"We are pleased that the Government has clearly now moved its position...they have indicated they are not going to allow my bill to go through. This is not about game-playing and points-scoring, so I won't be seeking leave to table my bill.

"But I will be urging New Zealanders to support the efforts to increase the permanent quota. We will continue to support the Green Party bill in that regard - that is the next most important thing that we can do."

Mr Little said there was no reason why the Government could not bring forward the review into the refugee quota, currently scheduled for next year.

The Greens will tomorrow seek leave of Parliament to introduce Denise Roche's members bill, which would lift the quota from 750 to 1000 refugees per year.

That move will be blocked by National. Green Party co-leader James Shaw said the Government's announcement today was welcome news and better than nothing.

However, he rejected Mr Key's argument that taking more could push an already stretched support system to breaking.

"The system is stretched because the Government has been chronically underfunding it. It is a matter of prioritisation."

Mr Shaw said it was clear that National had bowed to public pressure on the refugee issue, and he hoped they would have a change of heart about not increasing the quota.

United Future leader Peter Dunne said today's announcement was a positive first step, "but the next issue is the quota and that has to be increased as well on a long-term basis".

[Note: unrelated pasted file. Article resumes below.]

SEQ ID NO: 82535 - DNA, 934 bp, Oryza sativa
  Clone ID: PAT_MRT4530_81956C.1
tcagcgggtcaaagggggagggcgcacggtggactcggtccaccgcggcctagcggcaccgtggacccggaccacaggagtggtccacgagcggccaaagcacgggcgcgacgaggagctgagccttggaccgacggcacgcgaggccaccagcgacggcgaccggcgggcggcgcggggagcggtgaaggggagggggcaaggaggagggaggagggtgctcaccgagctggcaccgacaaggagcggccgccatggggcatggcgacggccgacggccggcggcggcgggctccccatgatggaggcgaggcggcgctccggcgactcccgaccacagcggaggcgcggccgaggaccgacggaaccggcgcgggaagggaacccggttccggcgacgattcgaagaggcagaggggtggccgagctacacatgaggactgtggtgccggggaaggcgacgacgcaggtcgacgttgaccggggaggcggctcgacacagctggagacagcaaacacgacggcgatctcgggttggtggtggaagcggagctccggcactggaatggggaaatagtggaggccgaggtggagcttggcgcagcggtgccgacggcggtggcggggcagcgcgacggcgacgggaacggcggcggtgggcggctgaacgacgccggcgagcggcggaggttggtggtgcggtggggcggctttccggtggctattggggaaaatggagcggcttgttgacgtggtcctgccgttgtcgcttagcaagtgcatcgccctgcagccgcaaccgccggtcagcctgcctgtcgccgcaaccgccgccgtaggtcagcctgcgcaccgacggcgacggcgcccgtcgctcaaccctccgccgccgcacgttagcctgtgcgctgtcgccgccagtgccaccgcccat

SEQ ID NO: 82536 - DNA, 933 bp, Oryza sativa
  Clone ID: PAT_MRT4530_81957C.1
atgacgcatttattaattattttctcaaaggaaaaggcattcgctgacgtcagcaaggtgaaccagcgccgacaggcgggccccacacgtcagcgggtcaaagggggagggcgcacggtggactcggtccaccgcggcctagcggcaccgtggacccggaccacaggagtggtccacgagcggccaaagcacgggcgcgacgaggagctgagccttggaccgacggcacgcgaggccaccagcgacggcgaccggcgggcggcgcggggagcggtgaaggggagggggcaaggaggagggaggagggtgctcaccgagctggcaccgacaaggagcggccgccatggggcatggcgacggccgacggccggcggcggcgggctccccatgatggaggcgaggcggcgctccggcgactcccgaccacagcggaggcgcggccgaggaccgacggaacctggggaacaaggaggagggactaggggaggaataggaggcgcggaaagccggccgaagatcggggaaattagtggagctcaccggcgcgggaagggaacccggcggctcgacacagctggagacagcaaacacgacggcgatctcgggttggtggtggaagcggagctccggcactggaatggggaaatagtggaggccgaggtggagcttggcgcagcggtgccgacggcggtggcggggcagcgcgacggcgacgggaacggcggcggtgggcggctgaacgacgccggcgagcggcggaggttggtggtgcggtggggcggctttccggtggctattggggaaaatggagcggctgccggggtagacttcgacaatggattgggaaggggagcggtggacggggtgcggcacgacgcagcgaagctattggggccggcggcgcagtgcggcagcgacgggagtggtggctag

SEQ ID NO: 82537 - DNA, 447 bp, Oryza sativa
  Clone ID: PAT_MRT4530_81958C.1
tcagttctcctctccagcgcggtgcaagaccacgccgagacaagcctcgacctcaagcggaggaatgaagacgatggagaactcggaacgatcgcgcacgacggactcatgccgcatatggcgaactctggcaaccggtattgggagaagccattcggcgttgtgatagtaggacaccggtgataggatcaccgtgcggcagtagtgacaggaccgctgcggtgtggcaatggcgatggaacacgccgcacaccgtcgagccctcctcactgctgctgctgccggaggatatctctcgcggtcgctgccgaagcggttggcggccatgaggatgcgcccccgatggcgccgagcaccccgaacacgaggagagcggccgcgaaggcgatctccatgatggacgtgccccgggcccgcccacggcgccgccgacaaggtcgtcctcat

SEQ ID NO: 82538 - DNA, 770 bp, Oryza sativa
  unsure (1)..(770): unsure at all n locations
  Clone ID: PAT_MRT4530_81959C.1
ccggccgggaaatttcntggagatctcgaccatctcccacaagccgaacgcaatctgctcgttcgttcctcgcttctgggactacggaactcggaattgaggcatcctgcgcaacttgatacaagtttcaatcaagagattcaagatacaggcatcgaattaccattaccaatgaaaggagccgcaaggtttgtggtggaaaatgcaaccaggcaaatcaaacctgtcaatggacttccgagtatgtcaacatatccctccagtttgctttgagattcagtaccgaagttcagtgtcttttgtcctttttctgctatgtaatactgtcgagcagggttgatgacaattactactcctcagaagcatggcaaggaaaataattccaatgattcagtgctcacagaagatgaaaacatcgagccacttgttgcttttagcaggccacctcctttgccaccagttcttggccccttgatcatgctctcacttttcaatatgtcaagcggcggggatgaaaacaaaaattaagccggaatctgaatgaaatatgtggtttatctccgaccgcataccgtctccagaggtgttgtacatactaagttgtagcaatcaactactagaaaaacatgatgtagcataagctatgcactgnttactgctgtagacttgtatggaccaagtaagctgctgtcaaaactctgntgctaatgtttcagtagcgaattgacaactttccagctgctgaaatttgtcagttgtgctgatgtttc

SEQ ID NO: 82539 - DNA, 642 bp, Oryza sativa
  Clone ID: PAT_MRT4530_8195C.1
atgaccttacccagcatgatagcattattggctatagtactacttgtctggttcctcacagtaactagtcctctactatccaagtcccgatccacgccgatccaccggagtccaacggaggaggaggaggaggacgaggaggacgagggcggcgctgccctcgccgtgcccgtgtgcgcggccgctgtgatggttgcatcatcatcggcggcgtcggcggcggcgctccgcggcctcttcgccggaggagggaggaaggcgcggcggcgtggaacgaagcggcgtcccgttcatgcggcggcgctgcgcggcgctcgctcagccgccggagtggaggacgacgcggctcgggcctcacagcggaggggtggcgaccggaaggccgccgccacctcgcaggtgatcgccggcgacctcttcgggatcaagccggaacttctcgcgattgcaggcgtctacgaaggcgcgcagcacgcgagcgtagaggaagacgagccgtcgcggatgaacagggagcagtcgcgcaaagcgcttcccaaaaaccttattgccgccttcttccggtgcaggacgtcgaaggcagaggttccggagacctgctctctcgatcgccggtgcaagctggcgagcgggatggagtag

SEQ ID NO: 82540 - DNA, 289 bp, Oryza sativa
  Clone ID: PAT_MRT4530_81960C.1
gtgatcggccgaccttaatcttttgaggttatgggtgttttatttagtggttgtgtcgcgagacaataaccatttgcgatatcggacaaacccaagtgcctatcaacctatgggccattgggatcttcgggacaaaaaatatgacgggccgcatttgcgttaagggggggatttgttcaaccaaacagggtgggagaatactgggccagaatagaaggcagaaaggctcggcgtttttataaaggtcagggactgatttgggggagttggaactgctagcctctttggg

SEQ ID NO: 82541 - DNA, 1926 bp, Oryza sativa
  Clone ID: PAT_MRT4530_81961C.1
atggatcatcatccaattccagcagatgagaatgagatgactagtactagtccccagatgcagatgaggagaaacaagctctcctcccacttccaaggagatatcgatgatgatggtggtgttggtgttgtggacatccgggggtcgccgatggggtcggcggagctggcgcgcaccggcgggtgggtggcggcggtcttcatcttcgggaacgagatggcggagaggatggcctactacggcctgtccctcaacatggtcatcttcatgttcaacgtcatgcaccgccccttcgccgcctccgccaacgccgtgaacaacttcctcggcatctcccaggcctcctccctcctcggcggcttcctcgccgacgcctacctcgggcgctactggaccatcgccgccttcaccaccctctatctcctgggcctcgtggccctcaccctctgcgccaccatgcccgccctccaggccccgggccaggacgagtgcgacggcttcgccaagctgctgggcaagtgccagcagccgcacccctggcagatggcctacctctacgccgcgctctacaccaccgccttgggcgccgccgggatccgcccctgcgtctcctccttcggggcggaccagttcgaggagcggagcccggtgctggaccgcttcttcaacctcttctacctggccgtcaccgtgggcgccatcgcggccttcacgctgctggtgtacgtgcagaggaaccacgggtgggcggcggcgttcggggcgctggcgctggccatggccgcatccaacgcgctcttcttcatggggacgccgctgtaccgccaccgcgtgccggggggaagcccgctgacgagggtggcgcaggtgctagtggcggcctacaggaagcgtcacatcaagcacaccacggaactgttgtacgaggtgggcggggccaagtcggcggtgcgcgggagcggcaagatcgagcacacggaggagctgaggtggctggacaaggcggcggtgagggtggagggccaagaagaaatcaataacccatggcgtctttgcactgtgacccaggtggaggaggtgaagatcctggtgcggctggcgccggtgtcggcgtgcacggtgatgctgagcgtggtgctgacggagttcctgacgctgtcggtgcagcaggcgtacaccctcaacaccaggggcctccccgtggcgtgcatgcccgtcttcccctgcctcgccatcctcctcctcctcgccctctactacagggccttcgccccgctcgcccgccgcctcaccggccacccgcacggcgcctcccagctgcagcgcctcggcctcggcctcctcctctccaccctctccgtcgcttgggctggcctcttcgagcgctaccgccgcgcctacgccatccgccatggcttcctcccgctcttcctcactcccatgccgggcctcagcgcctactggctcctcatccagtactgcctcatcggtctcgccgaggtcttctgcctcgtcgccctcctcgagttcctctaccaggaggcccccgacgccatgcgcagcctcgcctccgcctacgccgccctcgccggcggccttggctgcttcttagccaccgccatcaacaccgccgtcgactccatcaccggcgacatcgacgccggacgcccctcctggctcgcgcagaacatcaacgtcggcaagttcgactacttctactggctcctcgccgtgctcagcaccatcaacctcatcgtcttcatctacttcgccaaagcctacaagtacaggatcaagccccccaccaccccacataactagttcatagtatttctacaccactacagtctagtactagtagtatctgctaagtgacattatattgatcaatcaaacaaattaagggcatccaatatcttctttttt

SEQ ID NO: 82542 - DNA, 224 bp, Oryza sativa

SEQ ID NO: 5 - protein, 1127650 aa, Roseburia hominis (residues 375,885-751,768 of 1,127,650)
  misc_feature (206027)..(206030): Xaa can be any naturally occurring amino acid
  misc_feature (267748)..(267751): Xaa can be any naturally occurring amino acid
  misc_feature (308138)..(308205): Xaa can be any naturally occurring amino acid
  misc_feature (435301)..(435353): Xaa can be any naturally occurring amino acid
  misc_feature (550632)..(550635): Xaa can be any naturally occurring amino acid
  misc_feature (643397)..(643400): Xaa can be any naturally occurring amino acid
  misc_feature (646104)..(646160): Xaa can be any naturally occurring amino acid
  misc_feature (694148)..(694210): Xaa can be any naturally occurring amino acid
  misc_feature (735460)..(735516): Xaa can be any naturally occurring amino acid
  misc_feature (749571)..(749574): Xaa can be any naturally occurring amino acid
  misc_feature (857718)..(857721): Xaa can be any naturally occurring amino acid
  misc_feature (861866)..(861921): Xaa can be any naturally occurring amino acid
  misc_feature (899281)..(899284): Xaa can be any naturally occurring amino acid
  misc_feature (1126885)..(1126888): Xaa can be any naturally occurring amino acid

He said the Government should look at setting up a taskforce to examine the costs involved in settling refugees.

"In the past week we have had 20 mayors, we have had major churches...all come out and say they could play a role in helping this resettlement process take place...if you pull all of that together, you can utilise that capacity...it is not just the Government's role."

The Government has also announced a further $4.5 million in aid funding to help refugees displaced by the conflict in Syria.

The funding would go to refugee camps in Turkey, Lebanon and Jordan and delivered through partnerships with those countries, UN agencies and non-governmental organisations which were helping with the camps.

Foreign Minister Murray McCully said the total aid New Zealand had given for refugees affected by fighting in Iraq and Syria was $20 million.

New Zealand's aid funding had gone toward schools in the camps, and health and education support as well as to support the International Committee of the Red Cross in Syria.

"One of the most effective ways we can help address this humanitarian crisis is by ensuring there are facilities to cater for refugees in countries neighbouring Syria and that these refugee communities are afforded adequate protection."

Mr McCully said while humanitarian assistance was essential, the top priority should be on finding a solution to the conflict in Syria.

"Many Syrian refugees wish to return home once it is safe, so finding a political solution to the civil war in Syria needs to be the international community's top priority.

New Zealand is using its position on the United Nations Security Council to call for action and we continue to urge all members to work together to find a way of ending the violence."

Immigration officials will travel to Lebanon in October and again in December to screen the first groups of refugees selected for re-settlement in New Zealand.

The refugees will first be screened by the UN refugee agency, the UNHCR. However they must also meet Immigration NZ's requirements and undergo security and health checks.

The Security Intelligence Service also does security checks on those selected.

A spokeswoman for Mr Woodhouse said that was to ensure they were not a security risk of 'character of concern' before they are allowed in.